The Spanish Supreme Court may send the case against Spain’s gambling advertising ban to the Constitutional Court, where it could sit for years in legal limbo before any final decision is made.
Decree 958/2020, implemented in November of 2020, puts severe restrictions on gambling advertisements in the county.
JDigital and the Media and Information Association (AMI) rallied together against the decree, bringing a case before the Supreme Court. They argue that its scope is unconstitutional for a decree and that restrictions of such nature need to be implemented by law.
It would appear that the Supreme Court agrees, and today summoned the involved parties to make their case before they decide whether to turn the question over to the Constitutional Court.
The transfer of the case is based on the possible unconstitutionality of Article 7 of the Gaming Law, as it may violate Articles 38 and 53 of the Spanish Constitution, which protect basic rights, including free communication.
The involved parties have ten days to present their arguments on the possible unconstitutionality of Article 7.
JDigital and the AMI filed their case against Royal Decree 958/2020 in January 2021, saying that it would “leave gambling consumers defenceless and unprotected” and could make gambling addictions worse.
They specifically highlighted the fact that advertising from legal companies ensures that players stay in the legal market rather than playing with offshore operators.
Of the decree’s many stipulations, the limitations linked to internet advertising have drawn the most criticism.
It states: “Operators must have tools in place to ensure that their advertising is not directed at minors and that they have mechanisms to block or hide advertisements. Likewise, operators may only carry out online advertising through their portals or social media profiles, provided that it is targeted at their followers and that they give their consent.”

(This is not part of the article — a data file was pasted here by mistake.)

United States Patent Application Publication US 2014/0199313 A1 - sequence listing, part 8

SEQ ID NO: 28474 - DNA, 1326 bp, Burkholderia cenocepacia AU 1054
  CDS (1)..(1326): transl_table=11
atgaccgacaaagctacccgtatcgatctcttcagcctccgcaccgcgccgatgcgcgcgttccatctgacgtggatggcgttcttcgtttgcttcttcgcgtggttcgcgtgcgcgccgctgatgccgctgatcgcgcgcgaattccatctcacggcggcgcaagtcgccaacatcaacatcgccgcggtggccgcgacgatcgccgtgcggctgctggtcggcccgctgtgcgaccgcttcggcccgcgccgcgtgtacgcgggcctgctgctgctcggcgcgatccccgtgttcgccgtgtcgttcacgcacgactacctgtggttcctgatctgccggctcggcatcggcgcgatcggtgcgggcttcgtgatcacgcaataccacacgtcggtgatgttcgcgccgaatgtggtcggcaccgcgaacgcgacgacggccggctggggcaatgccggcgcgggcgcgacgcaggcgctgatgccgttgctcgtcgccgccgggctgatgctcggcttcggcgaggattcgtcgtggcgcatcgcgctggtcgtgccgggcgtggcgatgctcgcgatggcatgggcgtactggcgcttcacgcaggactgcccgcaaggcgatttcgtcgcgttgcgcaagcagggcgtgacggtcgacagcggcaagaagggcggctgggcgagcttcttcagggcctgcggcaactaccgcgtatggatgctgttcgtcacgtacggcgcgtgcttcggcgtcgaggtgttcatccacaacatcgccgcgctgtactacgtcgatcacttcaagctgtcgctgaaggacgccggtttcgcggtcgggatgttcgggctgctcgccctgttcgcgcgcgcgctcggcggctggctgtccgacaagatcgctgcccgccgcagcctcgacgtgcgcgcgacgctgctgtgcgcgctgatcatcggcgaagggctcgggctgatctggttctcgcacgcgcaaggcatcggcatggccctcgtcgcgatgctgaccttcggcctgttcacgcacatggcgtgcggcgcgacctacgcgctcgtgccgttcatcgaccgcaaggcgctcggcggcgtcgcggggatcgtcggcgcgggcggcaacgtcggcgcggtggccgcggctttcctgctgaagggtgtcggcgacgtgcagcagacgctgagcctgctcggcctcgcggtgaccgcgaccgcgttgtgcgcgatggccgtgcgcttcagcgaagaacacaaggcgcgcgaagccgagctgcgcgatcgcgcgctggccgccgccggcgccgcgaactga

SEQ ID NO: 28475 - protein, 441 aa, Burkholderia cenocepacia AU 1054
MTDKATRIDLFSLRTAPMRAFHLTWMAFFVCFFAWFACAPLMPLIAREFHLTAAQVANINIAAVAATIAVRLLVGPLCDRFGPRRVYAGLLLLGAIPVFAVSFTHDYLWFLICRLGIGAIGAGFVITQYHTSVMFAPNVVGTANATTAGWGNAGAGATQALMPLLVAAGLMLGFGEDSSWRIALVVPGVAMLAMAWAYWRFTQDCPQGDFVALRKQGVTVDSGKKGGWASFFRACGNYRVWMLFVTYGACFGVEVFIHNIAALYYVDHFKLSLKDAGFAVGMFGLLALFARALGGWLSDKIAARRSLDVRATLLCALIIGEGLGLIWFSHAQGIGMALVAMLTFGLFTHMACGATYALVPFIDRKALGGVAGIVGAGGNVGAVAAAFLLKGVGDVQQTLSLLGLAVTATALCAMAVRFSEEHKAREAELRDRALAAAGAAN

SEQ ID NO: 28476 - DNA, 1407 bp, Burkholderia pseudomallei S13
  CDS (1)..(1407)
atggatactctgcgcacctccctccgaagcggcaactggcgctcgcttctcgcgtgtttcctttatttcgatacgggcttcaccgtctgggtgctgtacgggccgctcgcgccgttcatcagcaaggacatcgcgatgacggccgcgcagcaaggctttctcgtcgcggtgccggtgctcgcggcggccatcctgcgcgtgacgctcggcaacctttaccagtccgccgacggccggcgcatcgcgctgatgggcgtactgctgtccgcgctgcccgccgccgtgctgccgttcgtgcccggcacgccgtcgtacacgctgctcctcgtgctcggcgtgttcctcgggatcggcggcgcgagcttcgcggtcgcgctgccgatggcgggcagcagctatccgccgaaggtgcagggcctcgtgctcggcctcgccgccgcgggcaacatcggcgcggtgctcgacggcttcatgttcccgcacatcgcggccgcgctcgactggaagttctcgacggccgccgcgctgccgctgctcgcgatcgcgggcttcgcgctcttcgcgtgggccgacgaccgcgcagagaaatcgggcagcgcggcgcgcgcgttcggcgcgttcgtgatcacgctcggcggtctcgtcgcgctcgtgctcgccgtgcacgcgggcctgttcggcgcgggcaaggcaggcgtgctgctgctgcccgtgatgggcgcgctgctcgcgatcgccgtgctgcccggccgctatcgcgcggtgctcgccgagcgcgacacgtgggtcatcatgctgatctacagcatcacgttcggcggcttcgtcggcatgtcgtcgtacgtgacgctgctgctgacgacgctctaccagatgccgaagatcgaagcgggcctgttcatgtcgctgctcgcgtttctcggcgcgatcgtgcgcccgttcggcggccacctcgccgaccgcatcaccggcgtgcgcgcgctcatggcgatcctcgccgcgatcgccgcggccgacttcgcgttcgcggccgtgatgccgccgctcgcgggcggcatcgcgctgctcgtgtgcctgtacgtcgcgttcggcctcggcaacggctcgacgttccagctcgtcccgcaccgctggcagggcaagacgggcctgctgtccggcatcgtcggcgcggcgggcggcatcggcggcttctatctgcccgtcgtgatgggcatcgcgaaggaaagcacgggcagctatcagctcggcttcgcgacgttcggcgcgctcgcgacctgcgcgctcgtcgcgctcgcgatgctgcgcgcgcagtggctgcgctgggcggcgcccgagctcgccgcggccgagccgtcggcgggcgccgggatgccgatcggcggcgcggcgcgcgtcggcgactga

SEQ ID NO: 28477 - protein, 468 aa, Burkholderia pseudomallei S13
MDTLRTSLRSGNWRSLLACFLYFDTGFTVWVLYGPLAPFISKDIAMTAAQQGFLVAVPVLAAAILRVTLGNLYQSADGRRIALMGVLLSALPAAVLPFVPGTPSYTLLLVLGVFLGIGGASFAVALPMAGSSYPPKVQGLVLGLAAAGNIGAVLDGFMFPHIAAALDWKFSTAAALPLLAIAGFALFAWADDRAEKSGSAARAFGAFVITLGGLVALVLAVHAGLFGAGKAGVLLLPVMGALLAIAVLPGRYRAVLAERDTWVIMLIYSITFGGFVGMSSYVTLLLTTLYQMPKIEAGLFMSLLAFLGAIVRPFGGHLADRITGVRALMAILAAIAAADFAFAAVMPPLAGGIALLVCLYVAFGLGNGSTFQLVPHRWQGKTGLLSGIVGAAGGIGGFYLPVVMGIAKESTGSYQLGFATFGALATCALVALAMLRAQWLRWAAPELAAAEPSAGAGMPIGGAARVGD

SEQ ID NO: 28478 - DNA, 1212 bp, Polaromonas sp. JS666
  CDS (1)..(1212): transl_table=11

In addition, broadcast advertisements are only allowed between 1am and 5am and celebrities cannot be featured in ads outside of those hours. Mail advertisements are not allowed and gambling companies cannot be featured on any of the branding of sports teams.
In light of the news, JDigital wrote: “We consider that the legislative initiatives promoted by the government, which further restrict the activity of authorised gaming operators, should take into account the ruling of the Supreme Court in order to avoid damages that are impossible to repair for the gaming sector.”
Santiago Asensi, a Spanish gambling lawyer and expert, cautioned restrained optimism at the news.
“This is not a ruling, just a court decision, but I would say that it is an unexpected ray of light in the middle of the current darkness. More than probably, a decision from the Constitutional Court on this subject might take years.
“Imagine that it takes three or four years for the Constitutional Court to make a decision, then for three or four years the Supreme Court is not going to rule. It’s going to wait to see what the Constitutional Court says. If during that time, the decree remains valid, the damages to the online gaming market would be tremendously serious.”
It is possible that an injunction or other legal avenues could be pursued to pause the decree if the case goes on for years, but uncertainty surrounds which avenue of legal recourse will be viable to the objecting parties.
For the next ten days, it is a game of wait and see.
The Directorate General for Gambling Regulation had not returned a request for comment as of this morning.
Additional reporting by Joe Ewens